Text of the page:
La mujer que llegaba a las seis

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  • Publicado : 11 de septiembre de 2012
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The door swung open. At this hour, there was no one in the restaurant besides José. The clock had just struck six o'clock, and he knew that only at six thirty did the usual clients start to arrive. So conservative and regular was his clientele that the clock had not even finished its sixth stroke when a woman entered, like every day at this hour, and sat without saying a word in a tall bar seat.She took out a cigarette, and without lighting it, put it tightly between her lips.
"Hello reina," said José when he saw her sit down. (reina means "queen", but I like how it sounds in the story, so remember it as a term of affection) He then walked to the other side of the counter, cleaning it with a dry rag against the glass surface. Whenever anyone entered the restaurant José did thesame. Even with the lady with whom he had developed a degree of familiarity, the fat, ruddy barkeep performed his same routine of a diligent man. He spoke from the other side of the counter.
"What do you want today?" he asked.
"First of all, I want to teach you to be a gentleman." said the woman. She was seated at the end of the line of bar seats, with her elbows on the counter, with theunlit cigarette between her lips. When she spoke, she squeezed her lips to warn José with the unlit cigarette (another strange translation).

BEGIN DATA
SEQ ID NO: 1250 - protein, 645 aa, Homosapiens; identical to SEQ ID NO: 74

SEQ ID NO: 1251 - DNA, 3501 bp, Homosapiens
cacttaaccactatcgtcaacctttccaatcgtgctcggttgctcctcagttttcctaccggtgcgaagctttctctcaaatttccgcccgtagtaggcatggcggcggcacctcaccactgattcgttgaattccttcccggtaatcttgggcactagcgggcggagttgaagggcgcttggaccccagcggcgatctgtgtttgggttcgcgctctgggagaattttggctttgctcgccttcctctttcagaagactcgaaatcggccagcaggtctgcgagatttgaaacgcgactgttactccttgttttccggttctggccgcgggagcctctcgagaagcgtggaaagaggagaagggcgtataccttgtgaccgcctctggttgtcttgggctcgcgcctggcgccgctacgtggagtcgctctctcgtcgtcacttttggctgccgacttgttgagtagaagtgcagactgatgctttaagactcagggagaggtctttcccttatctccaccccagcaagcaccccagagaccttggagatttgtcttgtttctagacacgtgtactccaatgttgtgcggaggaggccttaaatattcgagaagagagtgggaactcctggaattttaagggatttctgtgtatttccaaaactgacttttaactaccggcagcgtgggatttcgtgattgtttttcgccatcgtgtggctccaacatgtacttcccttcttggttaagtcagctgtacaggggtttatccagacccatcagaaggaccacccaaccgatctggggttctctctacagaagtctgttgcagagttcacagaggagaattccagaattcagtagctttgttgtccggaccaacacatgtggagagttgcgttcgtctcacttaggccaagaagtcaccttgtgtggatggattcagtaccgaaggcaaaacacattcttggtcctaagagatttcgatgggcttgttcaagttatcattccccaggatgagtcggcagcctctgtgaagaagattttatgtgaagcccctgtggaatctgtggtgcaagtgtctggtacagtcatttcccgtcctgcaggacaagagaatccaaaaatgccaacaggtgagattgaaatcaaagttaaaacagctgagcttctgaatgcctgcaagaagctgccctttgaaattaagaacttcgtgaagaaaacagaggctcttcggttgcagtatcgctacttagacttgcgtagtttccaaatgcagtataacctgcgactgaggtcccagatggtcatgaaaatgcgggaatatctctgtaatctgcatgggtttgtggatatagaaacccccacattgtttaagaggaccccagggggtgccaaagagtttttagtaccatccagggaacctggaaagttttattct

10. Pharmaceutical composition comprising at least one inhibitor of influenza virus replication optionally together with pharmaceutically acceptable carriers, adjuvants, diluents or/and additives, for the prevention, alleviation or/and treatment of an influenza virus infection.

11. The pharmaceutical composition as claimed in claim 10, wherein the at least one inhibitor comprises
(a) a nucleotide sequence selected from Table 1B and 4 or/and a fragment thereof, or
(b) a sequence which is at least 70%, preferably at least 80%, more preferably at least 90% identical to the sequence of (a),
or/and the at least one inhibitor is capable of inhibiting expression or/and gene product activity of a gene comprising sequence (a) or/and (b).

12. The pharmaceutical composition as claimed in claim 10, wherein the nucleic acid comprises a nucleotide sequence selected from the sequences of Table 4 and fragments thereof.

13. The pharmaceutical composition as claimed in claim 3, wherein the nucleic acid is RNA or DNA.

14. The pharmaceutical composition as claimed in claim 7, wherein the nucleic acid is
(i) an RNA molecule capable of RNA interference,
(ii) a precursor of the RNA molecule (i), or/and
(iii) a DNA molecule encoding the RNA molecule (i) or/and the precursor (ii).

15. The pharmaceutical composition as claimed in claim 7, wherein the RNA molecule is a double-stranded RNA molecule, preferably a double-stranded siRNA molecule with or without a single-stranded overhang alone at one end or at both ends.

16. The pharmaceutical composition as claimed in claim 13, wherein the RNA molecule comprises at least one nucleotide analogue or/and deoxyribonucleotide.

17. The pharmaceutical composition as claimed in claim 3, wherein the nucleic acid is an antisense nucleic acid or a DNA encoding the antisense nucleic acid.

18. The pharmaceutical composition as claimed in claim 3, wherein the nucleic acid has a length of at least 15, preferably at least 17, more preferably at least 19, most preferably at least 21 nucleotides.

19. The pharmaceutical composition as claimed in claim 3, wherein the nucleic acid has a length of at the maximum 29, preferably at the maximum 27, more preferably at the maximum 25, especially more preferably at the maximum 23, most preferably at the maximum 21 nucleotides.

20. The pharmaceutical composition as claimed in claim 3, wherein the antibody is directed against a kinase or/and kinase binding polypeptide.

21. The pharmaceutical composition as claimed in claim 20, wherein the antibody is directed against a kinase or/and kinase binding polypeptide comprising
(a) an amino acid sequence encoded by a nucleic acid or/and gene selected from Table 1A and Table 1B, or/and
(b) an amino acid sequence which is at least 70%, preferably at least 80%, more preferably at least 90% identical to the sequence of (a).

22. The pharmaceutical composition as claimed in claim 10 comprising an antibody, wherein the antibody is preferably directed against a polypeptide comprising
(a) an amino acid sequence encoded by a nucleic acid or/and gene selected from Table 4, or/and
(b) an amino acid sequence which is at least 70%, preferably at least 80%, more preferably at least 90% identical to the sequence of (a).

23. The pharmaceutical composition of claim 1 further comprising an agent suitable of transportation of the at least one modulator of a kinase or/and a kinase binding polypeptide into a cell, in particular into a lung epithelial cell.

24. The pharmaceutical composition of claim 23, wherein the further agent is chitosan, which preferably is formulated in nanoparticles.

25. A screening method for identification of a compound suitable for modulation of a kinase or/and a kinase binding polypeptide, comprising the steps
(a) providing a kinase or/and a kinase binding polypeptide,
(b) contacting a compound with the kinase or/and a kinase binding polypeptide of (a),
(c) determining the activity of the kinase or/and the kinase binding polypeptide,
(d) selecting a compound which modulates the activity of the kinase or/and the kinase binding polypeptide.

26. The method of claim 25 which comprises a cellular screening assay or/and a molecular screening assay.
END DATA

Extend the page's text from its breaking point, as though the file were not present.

"I hadn't realized that..." said José.
"You haven't realized anything yet," said the woman.
The man left the rag on the counter, walking over to the dark cupboards and pine tar and dusty wood, moments later returning with matches. The womanleaned over the counter to reach the flame held between his coarse and hairy hands. José saw her plentiful hair, smeared with thick, cheap Vaseline. He saw the rise of her breast in the twilight, when the woman raised her head up, already holding the lit cigarette in her lips. (Not sure if it's saying he could see her breasts in the twilight, or if it's a metaphor)
"You look beautifultonight, reina." said José.
"Stop that nonsense," said the woman. "Don't believe that saying that will get me to pay you."
"I didn't mean that, reina." said José. "I'll bet that today you're hurting for lunch." (no idea if that's it)
The woman sucked in her first puff of dense smoke, crossed her arms, still with her elbows upon the counter, and stared at the street through the widewindows of the restaurant. She had a sad expression upon her face, one of boredom and vulgarity.
"I'm going to prepare you a lovely steak," said José.
"I still don't have money," said the woman.
"It's been three months that you haven't had money, and I always make you something delicious anyways." said José.
"Today is unique," said the woman darkly, still staring out at thestreet.
"All days are the same," said José. "Every day the clock shows six, then you come in and say that you have the hunger of a dog and I make you something good. The only difference is that today you haven’t said that you have the hunger of a dog, but rather that today is unique."
"And that is true, " said the woman. She returned to look at the man on the other side of the counter,who was searching through the refrigerator. She contemplated for two, three seconds. She then looked at the clock, set above the cabinets. It was 6:03. "It's true, José. Today is unique." she said. She exhaled a puff of smoke and continued speaking with short, passionate words. "Today I didn't come at six o'clock, therefore it is a unique day, José."
He looked at the clock.
"I'll cut myarm if that clock is even one minute late." he said. (exaggeration I assume, meaning he wouldn't believe for a second that his clock is off)
"It's not that, José. It's that today I didn't arrive at six," she said. "I came in at quarter to six."
"It was moments after six o'clock, reina" said José. "when you arrived here."
"I had been here a quarter of an hour (at six)," she...
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